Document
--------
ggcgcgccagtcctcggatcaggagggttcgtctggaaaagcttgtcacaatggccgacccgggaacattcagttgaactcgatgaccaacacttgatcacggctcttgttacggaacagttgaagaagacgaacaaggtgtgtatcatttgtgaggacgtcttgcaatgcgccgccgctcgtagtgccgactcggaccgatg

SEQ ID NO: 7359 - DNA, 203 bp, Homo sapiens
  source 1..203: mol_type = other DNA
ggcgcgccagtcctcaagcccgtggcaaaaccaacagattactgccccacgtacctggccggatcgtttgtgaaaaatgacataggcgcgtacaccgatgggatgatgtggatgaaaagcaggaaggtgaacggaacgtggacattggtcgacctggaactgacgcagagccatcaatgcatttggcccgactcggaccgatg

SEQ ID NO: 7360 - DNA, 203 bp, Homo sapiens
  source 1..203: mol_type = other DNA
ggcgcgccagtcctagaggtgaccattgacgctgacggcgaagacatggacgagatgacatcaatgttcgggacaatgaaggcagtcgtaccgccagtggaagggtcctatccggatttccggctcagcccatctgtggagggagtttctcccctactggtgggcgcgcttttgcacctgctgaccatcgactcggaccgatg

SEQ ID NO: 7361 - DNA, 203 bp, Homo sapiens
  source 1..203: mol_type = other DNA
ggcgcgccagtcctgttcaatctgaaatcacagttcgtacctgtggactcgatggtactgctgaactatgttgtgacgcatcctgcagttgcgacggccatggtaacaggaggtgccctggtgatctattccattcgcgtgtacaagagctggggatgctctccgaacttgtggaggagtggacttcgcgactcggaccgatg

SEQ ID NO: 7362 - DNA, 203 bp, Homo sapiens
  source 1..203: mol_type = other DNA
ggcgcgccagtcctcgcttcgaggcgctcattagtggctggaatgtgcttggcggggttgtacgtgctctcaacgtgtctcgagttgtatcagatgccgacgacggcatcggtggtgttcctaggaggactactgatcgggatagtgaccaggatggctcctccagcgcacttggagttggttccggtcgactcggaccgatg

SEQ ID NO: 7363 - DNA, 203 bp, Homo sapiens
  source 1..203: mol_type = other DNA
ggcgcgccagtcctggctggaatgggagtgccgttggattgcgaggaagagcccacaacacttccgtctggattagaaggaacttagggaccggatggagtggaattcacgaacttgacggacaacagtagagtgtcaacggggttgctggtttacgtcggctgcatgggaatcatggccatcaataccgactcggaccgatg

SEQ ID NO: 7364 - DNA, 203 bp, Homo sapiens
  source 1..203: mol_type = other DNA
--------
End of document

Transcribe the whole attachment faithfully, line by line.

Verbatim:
ggcgcgccagtcctcggatcaggagggttcgtctggaaaagcttgtcacaatggccgacccgggaacattcagttgaactcgatgaccaacacttgatcacggctcttgttacggaacagttgaagaagacgaacaaggtgtgtatcatttgtgaggacgtcttgcaatgcgccgccgctcgtagtgccgactcggaccgatg

SEQ ID NO: 7359 - DNA, 203 bp, Homo sapiens
  source 1..203: mol_type = other DNA
ggcgcgccagtcctcaagcccgtggcaaaaccaacagattactgccccacgtacctggccggatcgtttgtgaaaaatgacataggcgcgtacaccgatgggatgatgtggatgaaaagcaggaaggtgaacggaacgtggacattggtcgacctggaactgacgcagagccatcaatgcatttggcccgactcggaccgatg

SEQ ID NO: 7360 - DNA, 203 bp, Homo sapiens
  source 1..203: mol_type = other DNA
ggcgcgccagtcctagaggtgaccattgacgctgacggcgaagacatggacgagatgacatcaatgttcgggacaatgaaggcagtcgtaccgccagtggaagggtcctatccggatttccggctcagcccatctgtggagggagtttctcccctactggtgggcgcgcttttgcacctgctgaccatcgactcggaccgatg

SEQ ID NO: 7361 - DNA, 203 bp, Homo sapiens
  source 1..203: mol_type = other DNA
ggcgcgccagtcctgttcaatctgaaatcacagttcgtacctgtggactcgatggtactgctgaactatgttgtgacgcatcctgcagttgcgacggccatggtaacaggaggtgccctggtgatctattccattcgcgtgtacaagagctggggatgctctccgaacttgtggaggagtggacttcgcgactcggaccgatg

SEQ ID NO: 7362 - DNA, 203 bp, Homo sapiens
  source 1..203: mol_type = other DNA
ggcgcgccagtcctcgcttcgaggcgctcattagtggctggaatgtgcttggcggggttgtacgtgctctcaacgtgtctcgagttgtatcagatgccgacgacggcatcggtggtgttcctaggaggactactgatcgggatagtgaccaggatggctcctccagcgcacttggagttggttccggtcgactcggaccgatg

SEQ ID NO: 7363 - DNA, 203 bp, Homo sapiens
  source 1..203: mol_type = other DNA
ggcgcgccagtcctggctggaatgggagtgccgttggattgcgaggaagagcccacaacacttccgtctggattagaaggaacttagggaccggatggagtggaattcacgaacttgacggacaacagtagagtgtcaacggggttgctggtttacgtcggctgcatgggaatcatggccatcaataccgactcggaccgatg

SEQ ID NO: 7364 - DNA, 203 bp, Homo sapiens
  source 1..203: mol_type = other DNA